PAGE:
Wednesday, March 10, 2010

Callie Baby

It was January of 1999. We wanted another cat though, since we already had one, I can't remember why. I think I just wanted one, and my parents were ok with it.

We decided to go to the shelter instead of waiting for the "Free Kittens" signs that always somehow appeared. Dad and I went looking first. We needed a cat that would be ok with other cats, because of the one we had. There was a beautiful silver tabby with bright green eyes about a year old, and a cage full of little kittens. The little calico was the sweetest cat in that bunch, and the volunteers said everyone just adored her. The silver tabby was a nice cat, but he hissed at the kitten my dad was holding when I brought him near her. Unfortunately, that meant he was not a good candidate for our home. But that calico, she got along with the other kittens just fine. At the end of that visit, we were set on the calico, but had to bring my mother and brother by for their approval before the shelter would let us adopt her.

When we came back with the other humans of our household, they let me hold the kitten of choice. She was in the middle of a nap, and she kept on napping there in my arms. A few days later, my parents came into the pharmacy where I worked with the sweet calico in tow. I called her Callista, which means "the most beautiful," but that was a long name for a little six month old kitten, so we just called her Callie.

Callie grew into quite a large cat. She was very complacent, putting up with the other cat, Ichus, teasing her. After my brother got married and moved out and took Ichus with him, we got Miss Luna. Callie still put up with her, but dad and I could tell she would be happier being the only cat in the house.

Right before I moved out, Callie developed diabetes. She came very close to dying then, because it took us a while to realize what was wrong, what was causing her sudden and drastic weight loss. She stopped using the litter box and spent her days just loafing around. When I left, I took Miss Luna with me. I couldn't take Callie, because of the litter box issue. I will be forever grateful to my parents for how they stepped up and took care of our suddenly ill cat. Even my mother gave her insulin shots.

Callie improved with insulin and seemed to be happier since she had the house to herself (and my parents, of course). She was living, though not altogether thriving. I wonder if she missed me. I think she might have, because she always slept with me when I came to visit. It's been about two years since she was diagnosed, a few months before her twelfth birthday.

Last weekend, I wasn't sure she was doing that well. She spent the whole time on my bed and barely ate. When I came home this past Saturday, I didn't see much of her, and she didn't sleep on the bed with me. By the time I was ready to come home Sunday afternoon, just about 1600 or so, she was in a dreadful state. She was drooling goo. She huddled up to dad, who was on the floor holding her. We talked about taking her to the vet in the morning. With one more kiss on her sweet head, I headed home - fearful.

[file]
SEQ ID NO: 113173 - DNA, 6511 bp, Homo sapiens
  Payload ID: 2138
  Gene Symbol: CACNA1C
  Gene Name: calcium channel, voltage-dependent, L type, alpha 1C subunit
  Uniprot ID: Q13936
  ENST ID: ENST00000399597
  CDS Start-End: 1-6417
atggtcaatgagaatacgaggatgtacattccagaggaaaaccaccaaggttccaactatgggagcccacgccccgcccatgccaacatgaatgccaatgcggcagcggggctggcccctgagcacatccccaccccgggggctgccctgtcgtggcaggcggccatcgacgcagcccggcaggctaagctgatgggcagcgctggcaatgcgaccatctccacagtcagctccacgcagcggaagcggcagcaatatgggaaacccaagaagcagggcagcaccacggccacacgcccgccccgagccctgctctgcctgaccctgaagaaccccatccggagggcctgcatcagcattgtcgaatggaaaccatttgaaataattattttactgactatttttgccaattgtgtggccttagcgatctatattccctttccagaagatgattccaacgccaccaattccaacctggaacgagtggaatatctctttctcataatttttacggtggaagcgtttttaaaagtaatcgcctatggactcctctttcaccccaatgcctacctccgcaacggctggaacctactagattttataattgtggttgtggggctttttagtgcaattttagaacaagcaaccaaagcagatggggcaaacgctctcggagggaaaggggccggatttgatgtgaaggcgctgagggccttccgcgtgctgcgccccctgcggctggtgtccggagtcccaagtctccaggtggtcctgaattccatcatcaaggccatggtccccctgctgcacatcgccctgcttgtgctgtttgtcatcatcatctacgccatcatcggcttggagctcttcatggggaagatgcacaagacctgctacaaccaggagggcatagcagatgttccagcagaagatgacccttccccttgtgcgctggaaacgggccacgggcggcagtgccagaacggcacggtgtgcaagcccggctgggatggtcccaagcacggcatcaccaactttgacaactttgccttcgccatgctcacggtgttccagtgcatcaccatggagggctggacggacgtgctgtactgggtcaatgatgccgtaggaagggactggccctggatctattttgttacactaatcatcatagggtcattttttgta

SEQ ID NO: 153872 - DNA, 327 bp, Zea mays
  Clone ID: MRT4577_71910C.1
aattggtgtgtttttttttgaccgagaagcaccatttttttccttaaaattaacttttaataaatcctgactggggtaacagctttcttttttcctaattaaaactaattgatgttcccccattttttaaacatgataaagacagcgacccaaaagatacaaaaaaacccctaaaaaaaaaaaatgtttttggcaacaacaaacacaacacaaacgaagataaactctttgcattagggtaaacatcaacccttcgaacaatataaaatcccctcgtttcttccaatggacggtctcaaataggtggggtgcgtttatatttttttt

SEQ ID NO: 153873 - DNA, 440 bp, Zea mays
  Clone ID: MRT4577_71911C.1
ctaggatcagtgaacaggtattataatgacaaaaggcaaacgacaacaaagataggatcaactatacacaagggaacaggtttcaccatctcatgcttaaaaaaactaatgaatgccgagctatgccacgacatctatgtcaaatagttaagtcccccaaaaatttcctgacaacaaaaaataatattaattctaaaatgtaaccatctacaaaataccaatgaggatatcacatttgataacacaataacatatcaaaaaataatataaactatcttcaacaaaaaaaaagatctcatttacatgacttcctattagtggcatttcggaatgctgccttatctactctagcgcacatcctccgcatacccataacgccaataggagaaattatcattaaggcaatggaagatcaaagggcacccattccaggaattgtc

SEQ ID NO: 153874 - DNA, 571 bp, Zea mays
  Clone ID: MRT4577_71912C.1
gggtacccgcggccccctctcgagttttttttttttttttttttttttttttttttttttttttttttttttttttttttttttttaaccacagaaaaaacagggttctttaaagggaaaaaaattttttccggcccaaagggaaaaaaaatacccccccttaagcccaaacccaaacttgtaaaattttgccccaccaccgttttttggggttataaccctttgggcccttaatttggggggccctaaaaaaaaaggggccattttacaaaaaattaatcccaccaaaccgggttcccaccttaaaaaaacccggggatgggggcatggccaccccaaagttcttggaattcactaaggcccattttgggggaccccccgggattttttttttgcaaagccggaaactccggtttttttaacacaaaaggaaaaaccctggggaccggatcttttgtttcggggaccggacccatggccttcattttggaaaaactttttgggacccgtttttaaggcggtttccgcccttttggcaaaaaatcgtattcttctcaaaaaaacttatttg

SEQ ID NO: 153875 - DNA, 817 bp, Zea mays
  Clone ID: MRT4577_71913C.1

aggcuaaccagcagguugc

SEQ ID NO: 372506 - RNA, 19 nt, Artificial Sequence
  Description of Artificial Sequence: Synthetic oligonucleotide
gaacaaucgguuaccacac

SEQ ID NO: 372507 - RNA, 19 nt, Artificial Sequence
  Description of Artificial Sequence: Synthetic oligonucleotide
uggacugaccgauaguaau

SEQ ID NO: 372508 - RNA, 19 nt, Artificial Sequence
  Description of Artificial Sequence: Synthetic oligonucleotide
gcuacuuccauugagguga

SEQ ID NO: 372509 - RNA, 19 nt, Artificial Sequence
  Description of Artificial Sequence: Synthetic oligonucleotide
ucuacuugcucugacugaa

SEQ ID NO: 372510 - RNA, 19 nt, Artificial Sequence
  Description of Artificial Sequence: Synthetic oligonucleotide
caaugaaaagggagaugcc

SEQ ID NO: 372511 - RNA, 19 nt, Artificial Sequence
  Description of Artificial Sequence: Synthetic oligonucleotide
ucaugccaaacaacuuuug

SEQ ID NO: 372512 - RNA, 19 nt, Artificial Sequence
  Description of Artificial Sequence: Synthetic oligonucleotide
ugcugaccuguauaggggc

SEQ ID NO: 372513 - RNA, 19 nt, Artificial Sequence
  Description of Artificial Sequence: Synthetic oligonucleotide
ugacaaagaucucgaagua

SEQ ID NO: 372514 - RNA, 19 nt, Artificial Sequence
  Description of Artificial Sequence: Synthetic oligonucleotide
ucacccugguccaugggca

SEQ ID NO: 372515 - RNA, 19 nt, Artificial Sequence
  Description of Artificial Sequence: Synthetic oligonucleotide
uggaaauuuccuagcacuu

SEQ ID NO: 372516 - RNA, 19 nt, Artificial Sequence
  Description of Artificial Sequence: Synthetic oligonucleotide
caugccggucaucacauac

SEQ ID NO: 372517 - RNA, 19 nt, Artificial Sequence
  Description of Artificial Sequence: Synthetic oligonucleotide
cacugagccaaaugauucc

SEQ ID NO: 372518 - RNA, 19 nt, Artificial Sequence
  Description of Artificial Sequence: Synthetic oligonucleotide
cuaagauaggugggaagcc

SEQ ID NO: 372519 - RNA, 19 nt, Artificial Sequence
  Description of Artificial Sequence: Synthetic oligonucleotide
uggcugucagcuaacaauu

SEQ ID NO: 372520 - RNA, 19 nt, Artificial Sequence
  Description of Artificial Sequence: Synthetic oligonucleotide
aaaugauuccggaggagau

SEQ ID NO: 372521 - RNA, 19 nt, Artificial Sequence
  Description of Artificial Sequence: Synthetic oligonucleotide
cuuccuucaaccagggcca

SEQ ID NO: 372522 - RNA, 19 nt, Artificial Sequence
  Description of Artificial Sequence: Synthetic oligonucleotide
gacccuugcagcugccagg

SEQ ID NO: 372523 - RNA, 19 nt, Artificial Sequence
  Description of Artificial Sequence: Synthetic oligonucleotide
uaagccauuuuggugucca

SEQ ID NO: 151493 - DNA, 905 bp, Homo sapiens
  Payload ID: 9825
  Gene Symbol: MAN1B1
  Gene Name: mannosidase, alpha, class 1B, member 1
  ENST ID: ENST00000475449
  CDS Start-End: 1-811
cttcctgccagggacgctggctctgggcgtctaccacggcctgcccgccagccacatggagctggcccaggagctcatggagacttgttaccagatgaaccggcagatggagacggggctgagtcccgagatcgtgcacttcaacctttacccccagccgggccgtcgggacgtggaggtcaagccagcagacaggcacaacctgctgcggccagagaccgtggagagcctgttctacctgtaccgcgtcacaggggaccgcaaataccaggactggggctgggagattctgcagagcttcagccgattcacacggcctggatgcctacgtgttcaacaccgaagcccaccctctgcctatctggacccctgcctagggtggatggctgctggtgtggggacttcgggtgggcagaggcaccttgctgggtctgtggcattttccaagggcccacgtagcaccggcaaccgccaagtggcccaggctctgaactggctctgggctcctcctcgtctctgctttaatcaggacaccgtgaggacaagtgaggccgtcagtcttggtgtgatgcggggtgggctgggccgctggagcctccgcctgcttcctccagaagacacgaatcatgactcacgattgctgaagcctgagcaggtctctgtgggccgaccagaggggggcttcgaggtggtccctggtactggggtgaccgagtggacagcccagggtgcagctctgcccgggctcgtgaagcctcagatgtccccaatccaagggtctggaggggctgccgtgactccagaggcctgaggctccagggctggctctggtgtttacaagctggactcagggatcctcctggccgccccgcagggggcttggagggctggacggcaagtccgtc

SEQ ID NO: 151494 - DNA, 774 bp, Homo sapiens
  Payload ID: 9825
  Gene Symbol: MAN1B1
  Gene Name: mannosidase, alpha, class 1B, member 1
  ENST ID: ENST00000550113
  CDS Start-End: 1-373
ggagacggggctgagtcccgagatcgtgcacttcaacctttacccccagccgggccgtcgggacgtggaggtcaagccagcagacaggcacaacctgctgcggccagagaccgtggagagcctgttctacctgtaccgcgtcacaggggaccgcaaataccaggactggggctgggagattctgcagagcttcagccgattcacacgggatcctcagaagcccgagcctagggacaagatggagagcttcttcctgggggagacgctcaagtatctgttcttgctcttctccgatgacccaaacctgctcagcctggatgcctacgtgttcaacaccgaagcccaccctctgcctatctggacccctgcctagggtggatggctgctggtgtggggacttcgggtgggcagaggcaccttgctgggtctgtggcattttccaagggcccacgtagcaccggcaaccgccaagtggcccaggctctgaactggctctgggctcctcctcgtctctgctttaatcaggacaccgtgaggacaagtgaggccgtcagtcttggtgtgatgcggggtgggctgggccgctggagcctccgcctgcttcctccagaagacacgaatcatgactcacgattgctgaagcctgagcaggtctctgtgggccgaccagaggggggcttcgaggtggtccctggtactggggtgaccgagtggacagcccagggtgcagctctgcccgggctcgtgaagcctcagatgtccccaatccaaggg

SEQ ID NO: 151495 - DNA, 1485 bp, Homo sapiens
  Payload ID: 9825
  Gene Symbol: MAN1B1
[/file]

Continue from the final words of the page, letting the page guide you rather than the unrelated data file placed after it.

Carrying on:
Around 1900, my dad called to tell me they took her to an emergency hospital. There was a bit of a screw up on the part of the hospital, because Callie needed to be revived but it somehow didn't get to the doctor right away that she was diabetic. Once the doctor knew what was going on, he was able to do something about it. Even though her blood glucose level was at zero, she seemed to be responding. But brain damage was highly likely.

As I learned Monday morning, the doctor called my parents around 0200 to say that Callie was experiencing seizures. They knocked her out with valium, but that didn't stop the convulsing. Dad made the decision to have her euthanized. Dad told me at work, and we both left early so we could bury our baby kitty in the back yard next to Buttons and all the mice and hamsters and guinea pigs and parakeets. I did not want dad to have to do that alone, and I've never had a chance to bury any of the beloved cats who came before her. I wasn't going to miss it.

Afterwards, over dinner, as mom was looking over the bill from the hospital, I was half-expecting her to say something about being free of the burden of a diabetic cat. Mom is good at downplaying when she wants to be, and I really felt that she thought Callie was sometimes a pain to deal with. It wasn't always that way, of course, just after Callie got sick and started using the carpet as her litter box. Looking at that bill, about half the cost of Miss Luna's recent care, she wistfully said "at least we tried." At least we tried. If they had waited to bring her to a doctor in the morning, she would have died in the night, and we all would have felt guilty, like we didn't do enough to save her. I was wrong about how mom felt.

In a way, we got two more years with Callie than we would have had. And somehow, we knew that one day the diabetes would be the end of her. Even so, she outlived every cat I had before her. I think she knows that she takes my love with her.


Anonymous said...

I'm sorry about Callie...seems it was a bad year for cats. She is the third one to pass in the last couple of months that I know of. It sounds like Callie had a wonderful cat life overall, and brought you much love and joy. Blessings to you, and sweet little Callie! Laurel

Anonymous said...

I'm so sorry for your loss. She sounds like she was a wonderful friend, and I know she was blessed to be a part of your family. My thoughts are with you.


Cattrix said...

I'm so sorry, there are cats that touch our lives in such a way...

Mine was named Bootsy, she passed of breast cancer that was mis diagnosed.

Blessings to you and your family for your love and caring for Callie.